Do we need a policy for members using laser for manufacturing consumer product

Two or three examples below of members using the laser for commercial purposes. We want to support our maker entrepreneurs. And we need a policy that makes that support clear.

From Charles (feb 2015)
Hi Xanthe,

So glad to be a new member of the Generator!

Re: funding:

I would like to use the IG workshop including the laser cutter and welders to develop and produce some products for sale in the local community. As one example, Laurence and I made a product prototype on the laser cutter this afternoon for Bramble Community Herbalism in Press Bay Alley. They’re really happy with the prototype and it seems like they’ll be wanted to sell some of the product through their store after we finalize the design. Ideally I would like to replicate this model with many other retailers in the area.

Here’s where funding comes in: Because none of this would be possible without the IG workshop, I’m thinking maybe a portion of the proceeds from any sales could go towards IG?

What do others think about this idea?

Of course we’d have to work out the specifics such as what percentage of sales goes to IG etc

an earlier post of xanthe’s from fall 2014:

I just got some data from Laura (new member) about her use of the laser for low batch production of her dog show note books. I made it clear to her that as an early adopter, we want to support what she is doing. But in exchange for that openess we hope that she’d share some data for us so we can think on how to move forward with future folks that approach us.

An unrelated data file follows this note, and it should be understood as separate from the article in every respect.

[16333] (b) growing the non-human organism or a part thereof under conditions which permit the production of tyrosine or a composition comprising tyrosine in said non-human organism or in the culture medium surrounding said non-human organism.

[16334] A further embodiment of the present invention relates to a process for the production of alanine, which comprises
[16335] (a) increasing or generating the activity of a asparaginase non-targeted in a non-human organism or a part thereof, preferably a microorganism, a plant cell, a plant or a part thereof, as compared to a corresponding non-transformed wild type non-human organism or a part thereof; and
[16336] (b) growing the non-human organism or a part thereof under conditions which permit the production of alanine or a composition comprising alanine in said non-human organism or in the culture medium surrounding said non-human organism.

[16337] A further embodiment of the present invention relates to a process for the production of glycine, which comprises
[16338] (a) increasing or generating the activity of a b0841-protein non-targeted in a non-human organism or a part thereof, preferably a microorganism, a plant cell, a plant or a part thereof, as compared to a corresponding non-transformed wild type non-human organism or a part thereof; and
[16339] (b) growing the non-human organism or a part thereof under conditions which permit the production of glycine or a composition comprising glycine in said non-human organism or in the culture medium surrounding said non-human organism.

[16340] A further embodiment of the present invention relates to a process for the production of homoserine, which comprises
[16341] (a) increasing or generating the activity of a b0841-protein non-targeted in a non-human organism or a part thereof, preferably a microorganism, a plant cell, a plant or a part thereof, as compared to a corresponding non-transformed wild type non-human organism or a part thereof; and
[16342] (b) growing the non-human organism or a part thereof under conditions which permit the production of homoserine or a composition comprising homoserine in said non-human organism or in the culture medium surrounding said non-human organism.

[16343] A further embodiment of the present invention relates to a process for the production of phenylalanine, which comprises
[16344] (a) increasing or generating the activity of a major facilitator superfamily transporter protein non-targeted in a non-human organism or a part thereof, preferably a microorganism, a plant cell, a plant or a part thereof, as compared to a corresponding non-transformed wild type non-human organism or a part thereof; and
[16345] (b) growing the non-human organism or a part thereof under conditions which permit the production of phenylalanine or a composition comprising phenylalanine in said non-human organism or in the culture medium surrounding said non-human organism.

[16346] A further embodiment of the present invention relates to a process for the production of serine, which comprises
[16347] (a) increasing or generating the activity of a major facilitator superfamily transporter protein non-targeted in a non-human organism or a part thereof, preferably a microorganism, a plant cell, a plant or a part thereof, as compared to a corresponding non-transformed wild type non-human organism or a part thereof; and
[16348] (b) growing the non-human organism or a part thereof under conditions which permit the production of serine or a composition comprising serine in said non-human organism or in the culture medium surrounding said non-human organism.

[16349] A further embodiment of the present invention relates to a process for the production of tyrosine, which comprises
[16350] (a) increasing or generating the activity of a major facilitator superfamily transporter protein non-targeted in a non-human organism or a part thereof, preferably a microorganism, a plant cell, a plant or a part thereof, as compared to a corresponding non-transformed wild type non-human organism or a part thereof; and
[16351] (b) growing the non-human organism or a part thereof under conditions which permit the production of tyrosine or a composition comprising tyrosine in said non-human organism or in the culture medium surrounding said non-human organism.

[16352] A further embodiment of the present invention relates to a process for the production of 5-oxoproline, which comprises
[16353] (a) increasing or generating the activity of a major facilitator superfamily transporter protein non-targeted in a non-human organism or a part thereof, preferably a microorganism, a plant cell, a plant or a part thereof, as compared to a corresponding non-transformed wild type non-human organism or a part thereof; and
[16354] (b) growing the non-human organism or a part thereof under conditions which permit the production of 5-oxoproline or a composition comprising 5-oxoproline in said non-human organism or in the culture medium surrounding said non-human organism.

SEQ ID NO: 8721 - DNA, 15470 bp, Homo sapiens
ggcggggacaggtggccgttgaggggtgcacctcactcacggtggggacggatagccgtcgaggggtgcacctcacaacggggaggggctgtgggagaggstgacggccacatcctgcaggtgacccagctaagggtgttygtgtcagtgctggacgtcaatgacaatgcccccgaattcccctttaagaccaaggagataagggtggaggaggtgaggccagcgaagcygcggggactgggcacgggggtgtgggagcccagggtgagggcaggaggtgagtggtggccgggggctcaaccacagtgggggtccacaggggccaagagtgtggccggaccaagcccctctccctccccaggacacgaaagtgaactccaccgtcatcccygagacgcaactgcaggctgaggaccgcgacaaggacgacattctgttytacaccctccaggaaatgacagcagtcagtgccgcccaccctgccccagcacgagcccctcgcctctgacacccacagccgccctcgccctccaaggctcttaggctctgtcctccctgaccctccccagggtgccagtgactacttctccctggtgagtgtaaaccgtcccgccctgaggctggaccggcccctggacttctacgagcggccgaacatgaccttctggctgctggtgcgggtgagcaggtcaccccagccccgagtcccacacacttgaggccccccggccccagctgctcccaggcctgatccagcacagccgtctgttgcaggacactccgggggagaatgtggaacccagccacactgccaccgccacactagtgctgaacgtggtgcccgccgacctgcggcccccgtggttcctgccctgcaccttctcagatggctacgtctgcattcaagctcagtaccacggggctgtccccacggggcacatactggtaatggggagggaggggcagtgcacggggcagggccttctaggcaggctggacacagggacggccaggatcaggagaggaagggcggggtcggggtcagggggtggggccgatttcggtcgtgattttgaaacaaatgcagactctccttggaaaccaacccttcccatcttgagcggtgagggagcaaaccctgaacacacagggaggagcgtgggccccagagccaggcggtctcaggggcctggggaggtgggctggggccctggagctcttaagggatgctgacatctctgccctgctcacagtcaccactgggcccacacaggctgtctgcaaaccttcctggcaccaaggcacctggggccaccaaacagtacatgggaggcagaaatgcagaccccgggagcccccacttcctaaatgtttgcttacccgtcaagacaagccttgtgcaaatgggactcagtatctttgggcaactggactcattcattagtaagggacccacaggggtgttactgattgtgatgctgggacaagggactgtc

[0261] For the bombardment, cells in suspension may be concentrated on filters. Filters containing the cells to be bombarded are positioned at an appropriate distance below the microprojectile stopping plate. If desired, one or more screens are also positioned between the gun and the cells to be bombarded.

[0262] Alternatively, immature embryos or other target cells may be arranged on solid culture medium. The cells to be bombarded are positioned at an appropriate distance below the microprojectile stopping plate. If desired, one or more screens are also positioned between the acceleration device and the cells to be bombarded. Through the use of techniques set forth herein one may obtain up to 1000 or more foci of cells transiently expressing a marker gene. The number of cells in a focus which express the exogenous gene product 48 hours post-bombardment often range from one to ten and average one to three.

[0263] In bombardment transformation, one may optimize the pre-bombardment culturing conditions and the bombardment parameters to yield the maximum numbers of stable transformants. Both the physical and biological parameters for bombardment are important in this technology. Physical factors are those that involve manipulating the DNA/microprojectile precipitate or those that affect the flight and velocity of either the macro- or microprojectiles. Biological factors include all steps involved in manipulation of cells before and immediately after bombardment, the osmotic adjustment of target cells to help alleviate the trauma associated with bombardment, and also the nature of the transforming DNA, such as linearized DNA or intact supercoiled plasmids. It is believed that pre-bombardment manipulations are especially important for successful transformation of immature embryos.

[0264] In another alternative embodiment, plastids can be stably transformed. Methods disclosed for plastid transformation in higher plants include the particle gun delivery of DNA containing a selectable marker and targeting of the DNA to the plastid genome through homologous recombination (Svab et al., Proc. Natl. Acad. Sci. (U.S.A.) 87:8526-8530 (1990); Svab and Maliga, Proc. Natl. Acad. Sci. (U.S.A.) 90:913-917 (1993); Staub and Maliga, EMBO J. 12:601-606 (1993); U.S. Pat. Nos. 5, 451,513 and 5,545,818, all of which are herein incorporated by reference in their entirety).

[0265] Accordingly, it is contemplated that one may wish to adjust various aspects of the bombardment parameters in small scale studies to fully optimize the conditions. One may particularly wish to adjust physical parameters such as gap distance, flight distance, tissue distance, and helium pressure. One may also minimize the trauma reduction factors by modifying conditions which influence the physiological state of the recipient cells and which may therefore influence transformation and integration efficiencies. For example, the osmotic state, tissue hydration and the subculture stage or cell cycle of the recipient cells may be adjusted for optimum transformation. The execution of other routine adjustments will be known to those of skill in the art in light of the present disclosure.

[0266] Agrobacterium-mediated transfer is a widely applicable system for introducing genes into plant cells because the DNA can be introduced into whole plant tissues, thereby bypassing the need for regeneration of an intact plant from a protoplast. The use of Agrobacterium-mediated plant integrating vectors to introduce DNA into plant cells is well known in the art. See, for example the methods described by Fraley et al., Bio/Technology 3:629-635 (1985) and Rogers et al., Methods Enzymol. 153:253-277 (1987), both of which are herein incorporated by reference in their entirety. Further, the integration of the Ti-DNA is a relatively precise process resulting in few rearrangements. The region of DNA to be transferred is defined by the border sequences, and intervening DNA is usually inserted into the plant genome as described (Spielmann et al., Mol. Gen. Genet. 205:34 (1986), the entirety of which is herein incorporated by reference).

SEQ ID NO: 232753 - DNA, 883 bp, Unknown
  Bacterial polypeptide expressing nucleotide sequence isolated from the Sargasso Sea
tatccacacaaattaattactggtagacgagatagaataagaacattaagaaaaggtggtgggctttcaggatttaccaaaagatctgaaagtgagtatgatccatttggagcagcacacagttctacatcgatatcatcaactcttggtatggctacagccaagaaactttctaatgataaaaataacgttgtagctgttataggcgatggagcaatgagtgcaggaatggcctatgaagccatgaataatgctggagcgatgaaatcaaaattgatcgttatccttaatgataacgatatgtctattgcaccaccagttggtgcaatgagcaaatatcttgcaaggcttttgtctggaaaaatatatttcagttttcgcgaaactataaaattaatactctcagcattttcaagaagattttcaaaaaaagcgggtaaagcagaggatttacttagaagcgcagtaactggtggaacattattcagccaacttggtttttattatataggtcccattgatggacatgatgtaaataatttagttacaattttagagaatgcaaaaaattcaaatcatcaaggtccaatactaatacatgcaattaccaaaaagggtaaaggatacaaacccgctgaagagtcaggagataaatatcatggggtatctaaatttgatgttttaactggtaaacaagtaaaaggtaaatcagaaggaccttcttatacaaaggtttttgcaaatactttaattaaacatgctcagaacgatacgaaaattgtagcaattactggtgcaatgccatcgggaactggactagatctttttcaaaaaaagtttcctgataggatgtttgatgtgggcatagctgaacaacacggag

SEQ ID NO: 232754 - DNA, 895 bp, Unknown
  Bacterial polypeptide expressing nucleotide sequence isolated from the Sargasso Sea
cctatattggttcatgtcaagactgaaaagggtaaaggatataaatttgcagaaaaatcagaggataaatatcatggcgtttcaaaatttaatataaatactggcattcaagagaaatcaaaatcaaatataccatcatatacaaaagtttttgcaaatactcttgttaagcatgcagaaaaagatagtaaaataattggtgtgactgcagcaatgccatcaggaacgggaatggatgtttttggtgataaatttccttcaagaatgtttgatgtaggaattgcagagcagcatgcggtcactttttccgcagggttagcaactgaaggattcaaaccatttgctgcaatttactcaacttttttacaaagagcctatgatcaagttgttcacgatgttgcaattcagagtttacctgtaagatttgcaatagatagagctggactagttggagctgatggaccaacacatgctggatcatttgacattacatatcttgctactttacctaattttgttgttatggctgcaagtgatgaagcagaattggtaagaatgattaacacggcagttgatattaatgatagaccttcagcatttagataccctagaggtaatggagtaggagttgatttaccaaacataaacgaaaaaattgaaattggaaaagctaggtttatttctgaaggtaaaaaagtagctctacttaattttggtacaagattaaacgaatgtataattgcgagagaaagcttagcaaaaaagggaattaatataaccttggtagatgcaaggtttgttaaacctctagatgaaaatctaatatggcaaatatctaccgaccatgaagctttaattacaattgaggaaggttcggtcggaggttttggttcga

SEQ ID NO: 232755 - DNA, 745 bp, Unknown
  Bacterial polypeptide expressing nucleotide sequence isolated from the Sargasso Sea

Here’s the data. At present she is doing a batch of 45 notebooks. I think that’s about 7 hours standing at the laser. She’s not charging much for each notebook - $7.50 each.

I know Dirk was doing some production work too. At least I think he was.

Anyways, something to discuss this Thursday. How do we support low batch manufacturing in a way that benefits the makerspace and our entrepreneurs.

I like percentage of sales for things that we collaborate on and help sell.

For people who are just making and selling what about just adding to the membership info something like:

If you plan to produce commercial products with our tools, please join at a membership level that will help us continue to provide access to those tools. Standard or extra memberships are most appropriate for people planning to do commercial production.

Or something? The whole percentage of sales things just sounds like a mess but maybe I’m wrong.

I like an hourly rate for use of the laser, as I’ve said before. An affordable one. Something like: “If you are using the laser for more than an hour a week (?) for commercial use, then please pay x an hour.”

that sounds good too

So, for Laura’s situation above, at $20 an hour for 6 hours she’d pay $120 and would then work that cost into her pricing. We’d have to figure out what that hourly is. @Dirk_Swart and @vicatcu would probably have a good sense of what that number might be…

Yes, I think an hourly rate is the most sensible.

We will have to determine a rate that is both fair to IG but not so high as to discourage potential commercial users from participating.

Presumably the purpose of an hourly rate for “commercial” use of the laser cutter would be to offset wear-and-tear on the machine.

The more I think about this, though, the more it starts to seem like it would function as a “tax” on commercial use. (And therefore a disincentive for commercial participation.)

After all, if an hour of “non-commerical” use results in the same wear-and-tear on the machine as an hour of “commercial” use, then why should one be free and the other have an additional fee associated with it?